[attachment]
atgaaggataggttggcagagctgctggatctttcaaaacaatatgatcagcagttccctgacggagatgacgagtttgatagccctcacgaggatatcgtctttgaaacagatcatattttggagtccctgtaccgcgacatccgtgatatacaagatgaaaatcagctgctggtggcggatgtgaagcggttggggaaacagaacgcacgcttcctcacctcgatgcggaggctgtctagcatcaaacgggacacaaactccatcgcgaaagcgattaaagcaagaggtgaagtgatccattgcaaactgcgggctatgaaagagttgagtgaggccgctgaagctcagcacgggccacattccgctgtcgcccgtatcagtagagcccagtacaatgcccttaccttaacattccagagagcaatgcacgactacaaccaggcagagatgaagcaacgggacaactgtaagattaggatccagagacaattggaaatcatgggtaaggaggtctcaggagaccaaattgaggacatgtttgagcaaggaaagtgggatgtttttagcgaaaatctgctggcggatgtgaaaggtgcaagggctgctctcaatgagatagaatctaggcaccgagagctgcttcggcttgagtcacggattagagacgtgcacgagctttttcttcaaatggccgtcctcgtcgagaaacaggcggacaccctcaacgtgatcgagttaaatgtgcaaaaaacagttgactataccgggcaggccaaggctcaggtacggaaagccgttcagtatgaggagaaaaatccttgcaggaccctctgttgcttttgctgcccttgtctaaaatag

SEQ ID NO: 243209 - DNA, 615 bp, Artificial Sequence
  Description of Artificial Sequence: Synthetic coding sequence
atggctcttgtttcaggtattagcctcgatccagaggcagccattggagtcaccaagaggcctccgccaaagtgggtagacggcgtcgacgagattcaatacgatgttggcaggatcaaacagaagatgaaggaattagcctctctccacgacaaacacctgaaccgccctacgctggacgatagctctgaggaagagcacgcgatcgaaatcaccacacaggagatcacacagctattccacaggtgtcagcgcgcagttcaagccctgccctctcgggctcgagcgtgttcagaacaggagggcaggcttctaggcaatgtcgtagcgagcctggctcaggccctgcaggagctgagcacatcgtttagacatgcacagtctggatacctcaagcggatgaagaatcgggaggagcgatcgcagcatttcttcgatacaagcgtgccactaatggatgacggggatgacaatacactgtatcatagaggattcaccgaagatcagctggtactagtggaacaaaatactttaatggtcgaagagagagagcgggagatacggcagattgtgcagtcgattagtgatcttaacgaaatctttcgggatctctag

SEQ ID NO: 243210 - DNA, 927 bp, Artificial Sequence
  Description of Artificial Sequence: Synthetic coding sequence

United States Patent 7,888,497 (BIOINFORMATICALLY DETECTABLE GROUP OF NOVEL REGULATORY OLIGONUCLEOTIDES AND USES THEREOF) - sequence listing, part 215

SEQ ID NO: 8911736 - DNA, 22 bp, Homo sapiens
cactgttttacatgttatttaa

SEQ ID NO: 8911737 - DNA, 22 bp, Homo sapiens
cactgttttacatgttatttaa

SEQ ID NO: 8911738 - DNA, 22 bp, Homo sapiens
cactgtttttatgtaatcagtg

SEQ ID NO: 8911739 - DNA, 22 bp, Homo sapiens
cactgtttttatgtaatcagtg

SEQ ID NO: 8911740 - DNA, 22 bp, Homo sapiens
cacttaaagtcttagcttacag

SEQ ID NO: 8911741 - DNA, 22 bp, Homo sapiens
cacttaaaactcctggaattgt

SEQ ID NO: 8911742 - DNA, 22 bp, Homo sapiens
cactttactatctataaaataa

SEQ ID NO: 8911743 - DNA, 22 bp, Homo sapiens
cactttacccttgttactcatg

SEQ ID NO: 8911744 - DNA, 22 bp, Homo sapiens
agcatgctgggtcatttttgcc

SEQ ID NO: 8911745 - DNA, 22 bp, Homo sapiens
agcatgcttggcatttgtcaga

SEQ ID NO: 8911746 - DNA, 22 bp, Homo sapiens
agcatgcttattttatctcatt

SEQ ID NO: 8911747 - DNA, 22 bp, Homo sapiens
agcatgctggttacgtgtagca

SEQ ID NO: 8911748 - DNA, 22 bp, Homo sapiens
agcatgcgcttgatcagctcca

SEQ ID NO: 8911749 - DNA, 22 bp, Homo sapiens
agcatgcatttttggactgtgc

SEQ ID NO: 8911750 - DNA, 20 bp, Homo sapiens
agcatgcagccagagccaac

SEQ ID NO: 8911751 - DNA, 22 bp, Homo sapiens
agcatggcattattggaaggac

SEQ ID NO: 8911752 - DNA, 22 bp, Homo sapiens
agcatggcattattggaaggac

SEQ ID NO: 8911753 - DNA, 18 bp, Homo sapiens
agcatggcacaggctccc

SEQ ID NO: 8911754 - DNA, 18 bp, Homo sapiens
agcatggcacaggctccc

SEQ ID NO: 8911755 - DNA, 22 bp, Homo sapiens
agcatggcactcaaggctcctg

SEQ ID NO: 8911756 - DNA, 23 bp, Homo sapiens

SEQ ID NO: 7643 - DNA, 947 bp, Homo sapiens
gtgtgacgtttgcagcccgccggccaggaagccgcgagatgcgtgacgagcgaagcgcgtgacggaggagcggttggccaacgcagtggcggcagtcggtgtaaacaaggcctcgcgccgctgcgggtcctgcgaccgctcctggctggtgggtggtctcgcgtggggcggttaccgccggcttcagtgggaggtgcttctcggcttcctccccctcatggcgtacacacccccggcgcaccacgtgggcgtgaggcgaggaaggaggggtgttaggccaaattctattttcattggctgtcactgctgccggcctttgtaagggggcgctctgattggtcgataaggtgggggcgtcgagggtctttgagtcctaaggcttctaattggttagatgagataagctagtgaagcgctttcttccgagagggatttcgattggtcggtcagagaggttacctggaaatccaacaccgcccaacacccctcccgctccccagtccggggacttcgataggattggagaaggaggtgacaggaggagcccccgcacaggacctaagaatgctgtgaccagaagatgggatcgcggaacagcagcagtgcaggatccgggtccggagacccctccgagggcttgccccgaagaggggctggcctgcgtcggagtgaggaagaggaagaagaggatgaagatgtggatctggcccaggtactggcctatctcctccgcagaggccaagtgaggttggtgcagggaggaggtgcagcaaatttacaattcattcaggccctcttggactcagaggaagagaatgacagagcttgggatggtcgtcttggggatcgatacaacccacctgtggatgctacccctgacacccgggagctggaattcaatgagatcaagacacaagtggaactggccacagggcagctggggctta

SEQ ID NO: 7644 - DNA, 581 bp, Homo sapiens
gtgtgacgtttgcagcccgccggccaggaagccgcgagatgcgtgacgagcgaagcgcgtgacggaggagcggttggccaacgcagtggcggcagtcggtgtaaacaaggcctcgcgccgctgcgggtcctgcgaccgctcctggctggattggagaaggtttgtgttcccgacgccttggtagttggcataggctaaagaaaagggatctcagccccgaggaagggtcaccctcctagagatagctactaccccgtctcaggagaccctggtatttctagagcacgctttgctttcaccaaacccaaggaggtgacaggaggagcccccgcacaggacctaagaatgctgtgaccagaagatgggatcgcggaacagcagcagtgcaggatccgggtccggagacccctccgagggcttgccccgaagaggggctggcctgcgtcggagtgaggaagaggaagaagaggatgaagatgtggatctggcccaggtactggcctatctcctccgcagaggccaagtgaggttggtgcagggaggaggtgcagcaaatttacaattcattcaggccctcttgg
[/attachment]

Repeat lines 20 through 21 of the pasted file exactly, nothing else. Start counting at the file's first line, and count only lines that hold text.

SEQ ID NO: 8911742 - DNA, 22 bp, Homo sapiens
cactttactatctataaaataa